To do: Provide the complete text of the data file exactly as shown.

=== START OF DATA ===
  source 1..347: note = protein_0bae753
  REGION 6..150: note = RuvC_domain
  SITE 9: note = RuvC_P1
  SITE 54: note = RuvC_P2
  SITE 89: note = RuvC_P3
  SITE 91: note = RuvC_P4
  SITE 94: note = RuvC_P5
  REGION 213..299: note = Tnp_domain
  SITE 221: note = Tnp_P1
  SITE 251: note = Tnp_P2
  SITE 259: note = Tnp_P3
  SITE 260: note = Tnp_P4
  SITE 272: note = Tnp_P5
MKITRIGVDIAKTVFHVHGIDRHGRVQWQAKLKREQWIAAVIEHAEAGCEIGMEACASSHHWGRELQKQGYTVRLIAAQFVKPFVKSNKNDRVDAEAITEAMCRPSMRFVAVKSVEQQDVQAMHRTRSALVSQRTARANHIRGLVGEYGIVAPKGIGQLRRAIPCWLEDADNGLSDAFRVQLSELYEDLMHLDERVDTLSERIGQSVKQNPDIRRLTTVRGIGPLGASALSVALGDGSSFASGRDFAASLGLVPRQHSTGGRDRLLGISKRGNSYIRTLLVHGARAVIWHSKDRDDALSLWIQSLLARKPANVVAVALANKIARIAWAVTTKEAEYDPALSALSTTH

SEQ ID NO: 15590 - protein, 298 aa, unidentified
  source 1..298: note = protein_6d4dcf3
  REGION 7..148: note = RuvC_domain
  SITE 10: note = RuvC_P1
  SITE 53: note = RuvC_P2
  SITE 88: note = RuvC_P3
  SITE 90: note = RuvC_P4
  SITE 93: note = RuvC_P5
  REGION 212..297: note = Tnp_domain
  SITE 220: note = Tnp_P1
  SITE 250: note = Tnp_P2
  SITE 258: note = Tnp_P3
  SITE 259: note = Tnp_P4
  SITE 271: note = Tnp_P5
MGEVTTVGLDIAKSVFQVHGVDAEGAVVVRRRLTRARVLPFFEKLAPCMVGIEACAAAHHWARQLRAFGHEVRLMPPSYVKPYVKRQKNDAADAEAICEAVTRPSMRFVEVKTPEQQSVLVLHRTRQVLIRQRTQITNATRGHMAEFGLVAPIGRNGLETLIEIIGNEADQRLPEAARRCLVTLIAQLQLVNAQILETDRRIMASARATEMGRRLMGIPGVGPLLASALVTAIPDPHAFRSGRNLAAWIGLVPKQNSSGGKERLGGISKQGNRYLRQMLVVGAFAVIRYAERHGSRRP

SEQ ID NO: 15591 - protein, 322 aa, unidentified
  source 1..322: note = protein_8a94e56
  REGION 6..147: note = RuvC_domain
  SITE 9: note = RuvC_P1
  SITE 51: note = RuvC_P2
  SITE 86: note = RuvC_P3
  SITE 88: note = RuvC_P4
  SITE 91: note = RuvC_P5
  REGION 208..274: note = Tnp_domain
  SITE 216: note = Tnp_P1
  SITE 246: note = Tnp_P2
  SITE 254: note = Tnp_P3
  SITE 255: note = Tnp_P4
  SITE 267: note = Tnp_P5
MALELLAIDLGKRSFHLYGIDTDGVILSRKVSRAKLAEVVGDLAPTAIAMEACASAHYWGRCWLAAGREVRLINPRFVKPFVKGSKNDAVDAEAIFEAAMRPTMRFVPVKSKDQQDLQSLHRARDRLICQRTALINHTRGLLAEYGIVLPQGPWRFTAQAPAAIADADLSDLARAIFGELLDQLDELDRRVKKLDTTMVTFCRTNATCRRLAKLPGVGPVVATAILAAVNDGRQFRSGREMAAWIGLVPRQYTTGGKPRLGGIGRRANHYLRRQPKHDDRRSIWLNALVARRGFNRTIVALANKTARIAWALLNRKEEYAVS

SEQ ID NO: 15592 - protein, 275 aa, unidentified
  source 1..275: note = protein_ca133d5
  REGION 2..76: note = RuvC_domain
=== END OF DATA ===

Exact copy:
  source 1..347: note = protein_0bae753
  REGION 6..150: note = RuvC_domain
  SITE 9: note = RuvC_P1
  SITE 54: note = RuvC_P2
  SITE 89: note = RuvC_P3
  SITE 91: note = RuvC_P4
  SITE 94: note = RuvC_P5
  REGION 213..299: note = Tnp_domain
  SITE 221: note = Tnp_P1
  SITE 251: note = Tnp_P2
  SITE 259: note = Tnp_P3
  SITE 260: note = Tnp_P4
  SITE 272: note = Tnp_P5
MKITRIGVDIAKTVFHVHGIDRHGRVQWQAKLKREQWIAAVIEHAEAGCEIGMEACASSHHWGRELQKQGYTVRLIAAQFVKPFVKSNKNDRVDAEAITEAMCRPSMRFVAVKSVEQQDVQAMHRTRSALVSQRTARANHIRGLVGEYGIVAPKGIGQLRRAIPCWLEDADNGLSDAFRVQLSELYEDLMHLDERVDTLSERIGQSVKQNPDIRRLTTVRGIGPLGASALSVALGDGSSFASGRDFAASLGLVPRQHSTGGRDRLLGISKRGNSYIRTLLVHGARAVIWHSKDRDDALSLWIQSLLARKPANVVAVALANKIARIAWAVTTKEAEYDPALSALSTTH

SEQ ID NO: 15590 - protein, 298 aa, unidentified
  source 1..298: note = protein_6d4dcf3
  REGION 7..148: note = RuvC_domain
  SITE 10: note = RuvC_P1
  SITE 53: note = RuvC_P2
  SITE 88: note = RuvC_P3
  SITE 90: note = RuvC_P4
  SITE 93: note = RuvC_P5
  REGION 212..297: note = Tnp_domain
  SITE 220: note = Tnp_P1
  SITE 250: note = Tnp_P2
  SITE 258: note = Tnp_P3
  SITE 259: note = Tnp_P4
  SITE 271: note = Tnp_P5
MGEVTTVGLDIAKSVFQVHGVDAEGAVVVRRRLTRARVLPFFEKLAPCMVGIEACAAAHHWARQLRAFGHEVRLMPPSYVKPYVKRQKNDAADAEAICEAVTRPSMRFVEVKTPEQQSVLVLHRTRQVLIRQRTQITNATRGHMAEFGLVAPIGRNGLETLIEIIGNEADQRLPEAARRCLVTLIAQLQLVNAQILETDRRIMASARATEMGRRLMGIPGVGPLLASALVTAIPDPHAFRSGRNLAAWIGLVPKQNSSGGKERLGGISKQGNRYLRQMLVVGAFAVIRYAERHGSRRP

SEQ ID NO: 15591 - protein, 322 aa, unidentified
  source 1..322: note = protein_8a94e56
  REGION 6..147: note = RuvC_domain
  SITE 9: note = RuvC_P1
  SITE 51: note = RuvC_P2
  SITE 86: note = RuvC_P3
  SITE 88: note = RuvC_P4
  SITE 91: note = RuvC_P5
  REGION 208..274: note = Tnp_domain
  SITE 216: note = Tnp_P1
  SITE 246: note = Tnp_P2
  SITE 254: note = Tnp_P3
  SITE 255: note = Tnp_P4
  SITE 267: note = Tnp_P5
MALELLAIDLGKRSFHLYGIDTDGVILSRKVSRAKLAEVVGDLAPTAIAMEACASAHYWGRCWLAAGREVRLINPRFVKPFVKGSKNDAVDAEAIFEAAMRPTMRFVPVKSKDQQDLQSLHRARDRLICQRTALINHTRGLLAEYGIVLPQGPWRFTAQAPAAIADADLSDLARAIFGELLDQLDELDRRVKKLDTTMVTFCRTNATCRRLAKLPGVGPVVATAILAAVNDGRQFRSGREMAAWIGLVPRQYTTGGKPRLGGIGRRANHYLRRQPKHDDRRSIWLNALVARRGFNRTIVALANKTARIAWALLNRKEEYAVS

SEQ ID NO: 15592 - protein, 275 aa, unidentified
  source 1..275: note = protein_ca133d5
  REGION 2..76: note = RuvC_domain